The game play was good for the most part but I felt that there could have been more ghosts standing in your way. Because of puzzles the game could have lasted a lot longer then it needed to and some time I got confused where I was going because the designers made some of the hallways look the same. So Fatal Frame was not too easy and not to hard and had a great game play. Unfortunately you are not alone within the mansion. There happens to be an unhealthy smattering of otherworldly ghost intended on feasting on your soul. Consequently you have to show your prowess in various self defense techniques but the only way your going to kill a ghost is with your antic camera, which captures the ghost?s souls and eventually kills them .But this is no gung-ho show, oh no. While the evil critters, given half a chance, are persistent and deadly, they are not the biggest challenge. Silent Hill is puzzle central and will challenge your intellect as well as your hand-to-eye coordination. And if that wasn't enough, Fatal Frame is constantly flipping to its alternate dark side, enveloping your surroundings in gothic gloom, which constantly disorientates you with spatial warps and tricks. The darkness dominates the game generating a very claustrophobic, oppressive ambience, that turns your soul into a dark puddle if you play for too long (seriously). The game itself is rather lengthy, taking place over four nights, and after completing the game the first time new options are unlocked, allowing for further exploration of the game. Playing through a second time with a bit more of understanding of the camera special functions and power-ups allows for a different approach to the game and adds some length to the life of the game as well. There are certainly many shots that were missed the first time through, resulting in a lengthier time upgrading the camera, its worth going back in for a second round, which is where I am now.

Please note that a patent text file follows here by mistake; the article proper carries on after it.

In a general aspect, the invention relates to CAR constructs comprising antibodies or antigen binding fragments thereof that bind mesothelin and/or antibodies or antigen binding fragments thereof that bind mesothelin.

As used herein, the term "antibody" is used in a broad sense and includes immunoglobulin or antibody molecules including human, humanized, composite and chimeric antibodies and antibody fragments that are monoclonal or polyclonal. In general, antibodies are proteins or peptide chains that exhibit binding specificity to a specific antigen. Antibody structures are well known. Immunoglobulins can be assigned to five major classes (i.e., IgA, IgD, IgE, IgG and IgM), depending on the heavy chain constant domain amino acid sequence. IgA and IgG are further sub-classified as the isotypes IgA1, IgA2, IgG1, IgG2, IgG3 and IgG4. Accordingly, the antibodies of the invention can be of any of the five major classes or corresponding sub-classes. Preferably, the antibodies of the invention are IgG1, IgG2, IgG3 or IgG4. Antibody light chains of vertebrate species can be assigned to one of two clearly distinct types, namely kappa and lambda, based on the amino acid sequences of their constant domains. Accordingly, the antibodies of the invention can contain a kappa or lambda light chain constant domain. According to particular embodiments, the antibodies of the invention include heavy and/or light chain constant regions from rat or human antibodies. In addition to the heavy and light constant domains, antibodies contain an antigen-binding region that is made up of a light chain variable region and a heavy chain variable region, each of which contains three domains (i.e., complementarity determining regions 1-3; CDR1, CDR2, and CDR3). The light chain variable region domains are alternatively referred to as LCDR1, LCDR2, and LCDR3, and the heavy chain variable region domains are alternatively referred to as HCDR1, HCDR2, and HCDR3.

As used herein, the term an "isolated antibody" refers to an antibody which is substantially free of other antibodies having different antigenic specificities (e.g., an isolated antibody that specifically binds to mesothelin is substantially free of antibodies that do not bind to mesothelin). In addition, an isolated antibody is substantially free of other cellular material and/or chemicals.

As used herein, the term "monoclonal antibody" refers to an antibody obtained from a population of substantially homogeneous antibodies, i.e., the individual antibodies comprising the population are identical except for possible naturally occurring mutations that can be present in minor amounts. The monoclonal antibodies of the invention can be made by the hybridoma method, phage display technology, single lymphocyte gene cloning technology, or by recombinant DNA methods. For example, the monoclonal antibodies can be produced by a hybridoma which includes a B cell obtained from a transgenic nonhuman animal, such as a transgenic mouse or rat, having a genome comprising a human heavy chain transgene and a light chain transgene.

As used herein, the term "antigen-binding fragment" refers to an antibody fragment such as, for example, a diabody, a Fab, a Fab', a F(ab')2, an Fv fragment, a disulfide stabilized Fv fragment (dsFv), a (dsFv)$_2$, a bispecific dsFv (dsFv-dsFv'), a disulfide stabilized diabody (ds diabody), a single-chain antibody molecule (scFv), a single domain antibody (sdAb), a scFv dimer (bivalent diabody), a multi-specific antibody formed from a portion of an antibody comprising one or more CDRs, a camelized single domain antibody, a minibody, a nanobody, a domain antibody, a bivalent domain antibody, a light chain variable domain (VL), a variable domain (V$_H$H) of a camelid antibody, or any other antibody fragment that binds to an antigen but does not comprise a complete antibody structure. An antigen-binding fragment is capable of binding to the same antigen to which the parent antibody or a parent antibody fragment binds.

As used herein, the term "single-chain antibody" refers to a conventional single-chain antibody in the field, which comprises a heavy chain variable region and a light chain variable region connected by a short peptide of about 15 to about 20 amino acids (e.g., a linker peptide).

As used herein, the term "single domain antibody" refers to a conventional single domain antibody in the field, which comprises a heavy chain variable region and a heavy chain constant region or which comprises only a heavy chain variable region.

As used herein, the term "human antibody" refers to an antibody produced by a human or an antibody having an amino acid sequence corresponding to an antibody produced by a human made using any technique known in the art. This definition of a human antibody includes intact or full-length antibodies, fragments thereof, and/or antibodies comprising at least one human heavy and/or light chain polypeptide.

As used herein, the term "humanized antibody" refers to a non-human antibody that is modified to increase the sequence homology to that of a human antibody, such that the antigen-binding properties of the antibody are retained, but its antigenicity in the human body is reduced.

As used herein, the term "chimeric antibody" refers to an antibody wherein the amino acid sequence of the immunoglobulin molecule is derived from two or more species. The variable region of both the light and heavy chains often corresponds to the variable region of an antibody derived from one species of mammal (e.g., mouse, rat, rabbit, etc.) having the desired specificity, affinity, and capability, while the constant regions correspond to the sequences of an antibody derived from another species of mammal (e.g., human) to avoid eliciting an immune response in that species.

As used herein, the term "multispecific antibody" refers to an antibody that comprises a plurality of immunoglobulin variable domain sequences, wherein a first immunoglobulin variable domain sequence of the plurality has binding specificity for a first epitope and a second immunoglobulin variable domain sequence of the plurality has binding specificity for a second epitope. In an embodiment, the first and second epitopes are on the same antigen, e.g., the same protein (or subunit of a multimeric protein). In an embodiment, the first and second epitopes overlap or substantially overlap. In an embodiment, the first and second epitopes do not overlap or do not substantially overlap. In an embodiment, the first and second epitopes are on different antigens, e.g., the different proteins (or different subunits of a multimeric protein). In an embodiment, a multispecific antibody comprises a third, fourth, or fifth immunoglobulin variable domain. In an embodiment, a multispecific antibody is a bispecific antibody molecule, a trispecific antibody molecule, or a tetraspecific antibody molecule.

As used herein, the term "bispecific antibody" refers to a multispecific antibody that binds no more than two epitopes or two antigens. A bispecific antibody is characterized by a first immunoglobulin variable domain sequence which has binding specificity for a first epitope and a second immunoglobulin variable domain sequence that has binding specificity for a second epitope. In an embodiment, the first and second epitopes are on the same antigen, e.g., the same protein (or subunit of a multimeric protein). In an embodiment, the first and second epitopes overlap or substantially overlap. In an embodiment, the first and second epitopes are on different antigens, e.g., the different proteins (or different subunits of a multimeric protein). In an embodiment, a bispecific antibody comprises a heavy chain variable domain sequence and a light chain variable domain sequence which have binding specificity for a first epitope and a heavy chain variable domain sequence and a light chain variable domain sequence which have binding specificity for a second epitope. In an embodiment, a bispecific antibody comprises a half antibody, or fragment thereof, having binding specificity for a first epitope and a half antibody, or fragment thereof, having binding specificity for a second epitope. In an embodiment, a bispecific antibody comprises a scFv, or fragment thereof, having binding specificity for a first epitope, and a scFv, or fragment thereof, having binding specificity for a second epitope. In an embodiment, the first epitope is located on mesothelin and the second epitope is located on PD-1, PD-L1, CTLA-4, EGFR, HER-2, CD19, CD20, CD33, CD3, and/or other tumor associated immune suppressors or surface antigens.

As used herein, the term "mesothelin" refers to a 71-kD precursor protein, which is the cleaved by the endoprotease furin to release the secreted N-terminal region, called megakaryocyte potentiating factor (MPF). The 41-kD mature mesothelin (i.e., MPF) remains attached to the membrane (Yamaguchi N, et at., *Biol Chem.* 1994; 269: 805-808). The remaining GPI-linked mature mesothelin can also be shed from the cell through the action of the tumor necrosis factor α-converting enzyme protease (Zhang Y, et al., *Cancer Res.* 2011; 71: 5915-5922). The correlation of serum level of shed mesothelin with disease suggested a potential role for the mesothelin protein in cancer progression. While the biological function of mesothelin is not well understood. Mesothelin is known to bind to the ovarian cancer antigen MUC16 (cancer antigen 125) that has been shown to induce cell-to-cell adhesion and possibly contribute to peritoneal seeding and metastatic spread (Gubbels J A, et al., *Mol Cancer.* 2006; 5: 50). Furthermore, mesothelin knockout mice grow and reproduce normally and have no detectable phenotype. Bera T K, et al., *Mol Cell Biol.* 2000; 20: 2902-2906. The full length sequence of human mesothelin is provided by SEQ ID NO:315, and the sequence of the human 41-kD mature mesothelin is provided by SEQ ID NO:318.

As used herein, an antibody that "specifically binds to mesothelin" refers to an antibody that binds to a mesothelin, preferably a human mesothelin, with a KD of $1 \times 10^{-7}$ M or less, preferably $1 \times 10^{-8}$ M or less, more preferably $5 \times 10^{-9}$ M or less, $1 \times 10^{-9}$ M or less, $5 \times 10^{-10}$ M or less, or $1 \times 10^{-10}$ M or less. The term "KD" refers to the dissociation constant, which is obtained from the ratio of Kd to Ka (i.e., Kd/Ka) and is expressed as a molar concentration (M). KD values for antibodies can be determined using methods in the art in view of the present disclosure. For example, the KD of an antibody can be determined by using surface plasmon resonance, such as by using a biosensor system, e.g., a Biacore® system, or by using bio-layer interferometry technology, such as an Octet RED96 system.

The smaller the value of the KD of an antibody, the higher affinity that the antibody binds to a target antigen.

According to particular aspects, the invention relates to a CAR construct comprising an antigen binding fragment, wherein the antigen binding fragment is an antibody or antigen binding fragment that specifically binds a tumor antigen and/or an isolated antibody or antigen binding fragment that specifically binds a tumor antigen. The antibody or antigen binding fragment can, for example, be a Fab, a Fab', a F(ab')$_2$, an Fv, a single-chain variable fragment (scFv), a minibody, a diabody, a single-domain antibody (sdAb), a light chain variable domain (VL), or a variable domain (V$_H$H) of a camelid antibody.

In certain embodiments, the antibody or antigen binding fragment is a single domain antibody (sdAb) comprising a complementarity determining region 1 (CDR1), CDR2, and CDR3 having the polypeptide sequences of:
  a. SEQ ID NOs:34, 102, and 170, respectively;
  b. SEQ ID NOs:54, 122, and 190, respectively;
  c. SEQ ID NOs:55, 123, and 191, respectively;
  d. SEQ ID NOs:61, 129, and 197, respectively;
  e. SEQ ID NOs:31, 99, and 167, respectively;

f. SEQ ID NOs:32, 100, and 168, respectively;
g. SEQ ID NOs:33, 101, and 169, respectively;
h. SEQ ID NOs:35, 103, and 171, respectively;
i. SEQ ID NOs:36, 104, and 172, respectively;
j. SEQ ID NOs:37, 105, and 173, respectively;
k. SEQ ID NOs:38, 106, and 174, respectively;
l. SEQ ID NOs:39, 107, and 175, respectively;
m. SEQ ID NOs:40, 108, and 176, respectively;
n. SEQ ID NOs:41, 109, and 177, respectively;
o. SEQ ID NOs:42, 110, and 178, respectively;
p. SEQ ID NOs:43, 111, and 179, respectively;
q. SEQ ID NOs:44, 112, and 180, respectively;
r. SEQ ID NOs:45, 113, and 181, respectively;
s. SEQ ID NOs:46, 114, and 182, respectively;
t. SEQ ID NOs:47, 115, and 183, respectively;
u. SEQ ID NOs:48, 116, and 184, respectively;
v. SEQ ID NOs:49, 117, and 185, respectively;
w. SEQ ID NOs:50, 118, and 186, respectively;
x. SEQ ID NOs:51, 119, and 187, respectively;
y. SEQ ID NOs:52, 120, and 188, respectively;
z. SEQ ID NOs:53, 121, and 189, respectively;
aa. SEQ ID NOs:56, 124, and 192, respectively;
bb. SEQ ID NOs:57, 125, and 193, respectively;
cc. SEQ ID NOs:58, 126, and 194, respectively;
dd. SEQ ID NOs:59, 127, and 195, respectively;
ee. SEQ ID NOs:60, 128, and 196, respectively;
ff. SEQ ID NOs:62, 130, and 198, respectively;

Graphically Fatal Frame was is pushing its host hardware. The swirling fog and pitch-black darkness served a big purpose and that purpose was to provide a bleak and disturbing nightmare vision of a mansion gone mad. The visuals were the best thing because everything was dark and misty. Most of the walls and rooms have blood smeared on the walls and the floor. Another thing they did was make some backgrounds look like time had wore then down. The camera angles helped a lot with the games atmosphere. Rather than Silent Hills angles were the camera free flows as you move, skewing and spiraling, the angles are more like Resident Evil's static angles. Cut scenes are presented as scratchy, old, eight millimeter film reels, either in black and white or sepia tone. With the exception of the black and white game intro the majority of the game is played in color, but with a very dark, washed out scheme. Blurring effects are used on most of the apparitions on multiple levels, giving them a smoky appearance; there, but then again not quite there. Scary as these specters may be (and beautiful-the look of the ghosts moving about highlights Fatal Frame's superb graphics), the overall atmosphere enhances the nervous fright. This is one to play in the dark and to play loud.